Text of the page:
"The U.S. Food and Drug Administration today expanded the approved use of Imbruvica (ibrutinib) for chronic lymphocytic leukemia (CLL) patients who have received at least one previous therapy.
CLL is a rare blood and bone marrow disease"...
IMPORTANT: HOW TO USE THIS INFORMATION: This is a summary and does NOT have all possible information about this product. This information does not assure that this product is safe, effective, or appropriate for you. This information is not individual medical advice and does not substitute for the advice of your health care professional. Always ask your health care professional for complete information about this product and your specific health needs.
BUSULFAN - INJECTION
COMMON BRAND NAME(S): Busulfex
WARNING: This medication decreases bone marrow function, an effect that may lead to a low number of blood cells such as red cells, white cells, and platelets. This effect can cause anemia, decrease your body's ability to fight an infection, or cause you to bruise or bleed more easily. Tell your doctor immediately if you develop any of the following symptoms: signs of an infection (such as fever, chills, persistent sore throat), easy bruising/bleeding, pale skin, unusual tiredness.
Your doctor will monitor you closely while you are using this medication. Keep all medical and laboratory appointments.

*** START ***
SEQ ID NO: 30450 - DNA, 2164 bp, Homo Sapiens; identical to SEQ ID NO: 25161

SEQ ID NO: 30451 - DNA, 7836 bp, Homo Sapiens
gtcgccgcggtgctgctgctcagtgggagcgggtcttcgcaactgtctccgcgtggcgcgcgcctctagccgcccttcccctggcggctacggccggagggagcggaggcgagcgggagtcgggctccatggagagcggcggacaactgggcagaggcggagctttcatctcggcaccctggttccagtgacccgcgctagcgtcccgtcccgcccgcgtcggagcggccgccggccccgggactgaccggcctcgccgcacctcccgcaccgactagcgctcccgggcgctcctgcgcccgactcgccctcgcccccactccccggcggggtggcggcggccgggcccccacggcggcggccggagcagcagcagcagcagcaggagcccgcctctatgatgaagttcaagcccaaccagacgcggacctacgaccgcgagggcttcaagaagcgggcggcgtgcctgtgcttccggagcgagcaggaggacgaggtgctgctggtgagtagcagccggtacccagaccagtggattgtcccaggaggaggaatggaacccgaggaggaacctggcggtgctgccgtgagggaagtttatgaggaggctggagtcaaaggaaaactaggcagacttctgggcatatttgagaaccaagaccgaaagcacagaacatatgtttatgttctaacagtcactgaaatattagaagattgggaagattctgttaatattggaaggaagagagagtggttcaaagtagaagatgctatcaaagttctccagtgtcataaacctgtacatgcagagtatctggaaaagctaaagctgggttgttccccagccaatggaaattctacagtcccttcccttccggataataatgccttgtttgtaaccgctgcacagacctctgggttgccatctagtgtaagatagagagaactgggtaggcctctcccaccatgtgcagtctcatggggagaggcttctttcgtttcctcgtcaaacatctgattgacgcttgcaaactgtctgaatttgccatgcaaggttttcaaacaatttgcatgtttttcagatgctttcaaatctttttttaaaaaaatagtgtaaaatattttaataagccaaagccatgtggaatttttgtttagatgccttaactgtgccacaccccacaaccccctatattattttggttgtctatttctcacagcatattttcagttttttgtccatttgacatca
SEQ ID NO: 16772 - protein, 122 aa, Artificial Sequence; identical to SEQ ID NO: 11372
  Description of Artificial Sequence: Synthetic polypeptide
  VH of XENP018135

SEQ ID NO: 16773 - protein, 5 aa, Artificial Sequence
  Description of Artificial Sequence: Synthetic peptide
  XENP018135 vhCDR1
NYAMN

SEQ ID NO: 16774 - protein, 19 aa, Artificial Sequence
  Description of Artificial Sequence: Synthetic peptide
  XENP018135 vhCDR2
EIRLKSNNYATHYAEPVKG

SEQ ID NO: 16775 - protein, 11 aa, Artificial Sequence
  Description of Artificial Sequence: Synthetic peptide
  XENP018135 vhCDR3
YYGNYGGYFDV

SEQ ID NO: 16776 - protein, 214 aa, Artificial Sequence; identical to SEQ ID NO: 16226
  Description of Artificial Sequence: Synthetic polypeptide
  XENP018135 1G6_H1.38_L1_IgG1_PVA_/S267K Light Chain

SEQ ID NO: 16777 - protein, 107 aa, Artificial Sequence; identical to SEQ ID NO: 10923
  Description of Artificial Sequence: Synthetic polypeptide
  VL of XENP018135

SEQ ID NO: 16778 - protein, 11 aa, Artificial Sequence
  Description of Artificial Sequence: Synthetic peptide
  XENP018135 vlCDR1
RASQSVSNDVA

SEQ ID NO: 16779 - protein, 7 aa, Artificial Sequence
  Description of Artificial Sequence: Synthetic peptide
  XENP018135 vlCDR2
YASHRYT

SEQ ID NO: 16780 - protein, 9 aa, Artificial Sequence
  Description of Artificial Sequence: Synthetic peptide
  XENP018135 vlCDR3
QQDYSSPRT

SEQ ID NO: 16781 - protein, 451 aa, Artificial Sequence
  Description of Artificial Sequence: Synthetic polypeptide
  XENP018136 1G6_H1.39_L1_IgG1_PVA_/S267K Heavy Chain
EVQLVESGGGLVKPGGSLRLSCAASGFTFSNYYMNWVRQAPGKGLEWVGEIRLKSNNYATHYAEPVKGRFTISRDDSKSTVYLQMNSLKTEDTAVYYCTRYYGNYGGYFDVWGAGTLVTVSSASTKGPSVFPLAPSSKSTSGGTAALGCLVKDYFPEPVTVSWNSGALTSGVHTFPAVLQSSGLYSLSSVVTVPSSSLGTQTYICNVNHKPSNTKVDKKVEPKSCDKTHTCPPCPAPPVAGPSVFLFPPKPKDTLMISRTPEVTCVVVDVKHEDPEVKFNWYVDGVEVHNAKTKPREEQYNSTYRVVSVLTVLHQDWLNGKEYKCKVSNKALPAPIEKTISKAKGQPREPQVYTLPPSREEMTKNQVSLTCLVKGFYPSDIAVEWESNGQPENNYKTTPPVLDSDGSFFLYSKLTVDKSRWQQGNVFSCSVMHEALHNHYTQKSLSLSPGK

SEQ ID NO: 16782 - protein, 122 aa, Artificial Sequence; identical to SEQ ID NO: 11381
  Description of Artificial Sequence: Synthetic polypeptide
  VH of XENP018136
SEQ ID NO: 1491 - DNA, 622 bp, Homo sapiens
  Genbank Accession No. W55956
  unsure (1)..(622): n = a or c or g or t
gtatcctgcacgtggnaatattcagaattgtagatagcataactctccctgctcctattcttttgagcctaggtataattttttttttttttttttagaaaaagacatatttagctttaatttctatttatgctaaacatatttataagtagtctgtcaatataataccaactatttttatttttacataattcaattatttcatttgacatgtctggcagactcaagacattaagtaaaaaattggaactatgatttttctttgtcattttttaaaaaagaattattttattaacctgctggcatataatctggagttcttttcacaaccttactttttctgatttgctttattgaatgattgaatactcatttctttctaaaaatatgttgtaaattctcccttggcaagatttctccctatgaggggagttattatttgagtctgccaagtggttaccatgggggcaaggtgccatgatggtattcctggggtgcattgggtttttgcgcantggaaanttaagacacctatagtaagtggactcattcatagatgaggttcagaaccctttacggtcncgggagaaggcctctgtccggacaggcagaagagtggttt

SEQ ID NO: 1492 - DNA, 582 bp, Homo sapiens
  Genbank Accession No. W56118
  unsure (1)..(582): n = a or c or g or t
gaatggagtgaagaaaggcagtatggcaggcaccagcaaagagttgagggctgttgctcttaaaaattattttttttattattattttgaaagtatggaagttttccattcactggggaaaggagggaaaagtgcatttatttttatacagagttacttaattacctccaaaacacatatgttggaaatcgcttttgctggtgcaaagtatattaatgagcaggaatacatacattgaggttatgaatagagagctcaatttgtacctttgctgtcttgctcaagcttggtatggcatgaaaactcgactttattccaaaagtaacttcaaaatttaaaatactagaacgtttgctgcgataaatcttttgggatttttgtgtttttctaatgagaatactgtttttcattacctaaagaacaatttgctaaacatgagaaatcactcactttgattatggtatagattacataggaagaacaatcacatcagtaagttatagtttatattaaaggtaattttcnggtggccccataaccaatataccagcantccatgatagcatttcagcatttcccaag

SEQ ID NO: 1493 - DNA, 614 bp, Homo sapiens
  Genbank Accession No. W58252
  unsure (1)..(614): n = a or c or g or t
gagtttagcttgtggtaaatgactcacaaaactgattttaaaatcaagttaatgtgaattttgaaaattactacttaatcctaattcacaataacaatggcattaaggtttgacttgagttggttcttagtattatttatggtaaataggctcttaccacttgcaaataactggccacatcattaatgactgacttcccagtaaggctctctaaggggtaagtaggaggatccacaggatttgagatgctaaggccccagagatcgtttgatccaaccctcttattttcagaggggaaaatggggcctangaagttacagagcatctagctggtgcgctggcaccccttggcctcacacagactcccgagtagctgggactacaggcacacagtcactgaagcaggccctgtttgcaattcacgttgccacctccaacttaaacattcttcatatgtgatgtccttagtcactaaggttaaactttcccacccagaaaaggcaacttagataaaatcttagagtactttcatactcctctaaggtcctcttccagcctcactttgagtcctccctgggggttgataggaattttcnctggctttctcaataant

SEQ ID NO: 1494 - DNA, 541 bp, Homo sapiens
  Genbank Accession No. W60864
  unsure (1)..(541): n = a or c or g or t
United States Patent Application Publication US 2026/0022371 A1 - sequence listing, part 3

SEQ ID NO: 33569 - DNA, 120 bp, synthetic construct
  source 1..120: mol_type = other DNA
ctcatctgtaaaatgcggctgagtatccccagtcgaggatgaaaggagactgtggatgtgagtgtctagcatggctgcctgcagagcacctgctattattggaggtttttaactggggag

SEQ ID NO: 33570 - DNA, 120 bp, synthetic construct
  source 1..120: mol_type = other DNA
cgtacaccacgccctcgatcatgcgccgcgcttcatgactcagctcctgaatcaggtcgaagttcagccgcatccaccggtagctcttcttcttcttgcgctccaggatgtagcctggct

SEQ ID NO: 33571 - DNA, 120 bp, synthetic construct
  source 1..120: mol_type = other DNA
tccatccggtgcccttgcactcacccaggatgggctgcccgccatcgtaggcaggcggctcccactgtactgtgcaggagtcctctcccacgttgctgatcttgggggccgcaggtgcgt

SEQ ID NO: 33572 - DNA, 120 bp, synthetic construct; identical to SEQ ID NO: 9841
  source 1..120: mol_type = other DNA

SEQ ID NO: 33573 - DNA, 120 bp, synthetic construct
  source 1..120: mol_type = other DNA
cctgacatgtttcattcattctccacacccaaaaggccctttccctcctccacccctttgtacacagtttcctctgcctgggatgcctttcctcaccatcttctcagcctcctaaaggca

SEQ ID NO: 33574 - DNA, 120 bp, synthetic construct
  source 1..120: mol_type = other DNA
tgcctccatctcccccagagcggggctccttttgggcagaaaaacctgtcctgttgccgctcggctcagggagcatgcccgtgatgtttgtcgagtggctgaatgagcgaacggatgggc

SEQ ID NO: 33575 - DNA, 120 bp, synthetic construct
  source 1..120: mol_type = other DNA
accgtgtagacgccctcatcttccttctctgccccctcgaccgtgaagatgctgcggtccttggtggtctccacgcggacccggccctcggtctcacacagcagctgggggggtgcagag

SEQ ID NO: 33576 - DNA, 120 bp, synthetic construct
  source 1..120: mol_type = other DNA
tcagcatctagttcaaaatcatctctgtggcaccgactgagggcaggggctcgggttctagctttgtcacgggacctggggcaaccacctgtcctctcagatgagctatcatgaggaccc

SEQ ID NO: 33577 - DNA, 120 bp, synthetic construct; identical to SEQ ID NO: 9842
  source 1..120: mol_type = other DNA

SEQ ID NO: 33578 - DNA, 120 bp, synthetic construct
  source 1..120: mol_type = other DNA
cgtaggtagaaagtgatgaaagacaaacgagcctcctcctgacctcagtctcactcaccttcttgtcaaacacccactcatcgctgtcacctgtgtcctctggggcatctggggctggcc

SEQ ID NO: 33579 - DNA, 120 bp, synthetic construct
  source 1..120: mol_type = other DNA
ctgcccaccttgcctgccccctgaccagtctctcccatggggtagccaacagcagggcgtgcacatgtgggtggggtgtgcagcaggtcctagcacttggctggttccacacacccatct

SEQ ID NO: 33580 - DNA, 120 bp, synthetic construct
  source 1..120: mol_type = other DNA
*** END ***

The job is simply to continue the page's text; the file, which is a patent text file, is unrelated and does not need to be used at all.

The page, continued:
USES: Busulfan is used as a pretreatment for patients who are undergoing stem cell transplant for chronic myelogenous leukemia (CML).
HOW TO USE: This medication is given by injection into a vein over 2 hours by a health care professional. It is usually given every 6 hours or as directed by your doctor. While you receive busulfan, your doctor may also prescribe other medications to help prevent seizures and nausea/vomiting caused by the medication.
Dosage is based on your weight, medical condition, laboratory test results, and response to treatment.
Additional Busulfex Information
Report Problems to the Food and Drug Administration
You are encouraged to report negative side effects of prescription drugs to the FDA. Visit the FDA MedWatch website or call 1-800-FDA-1088.
Find out what women really need.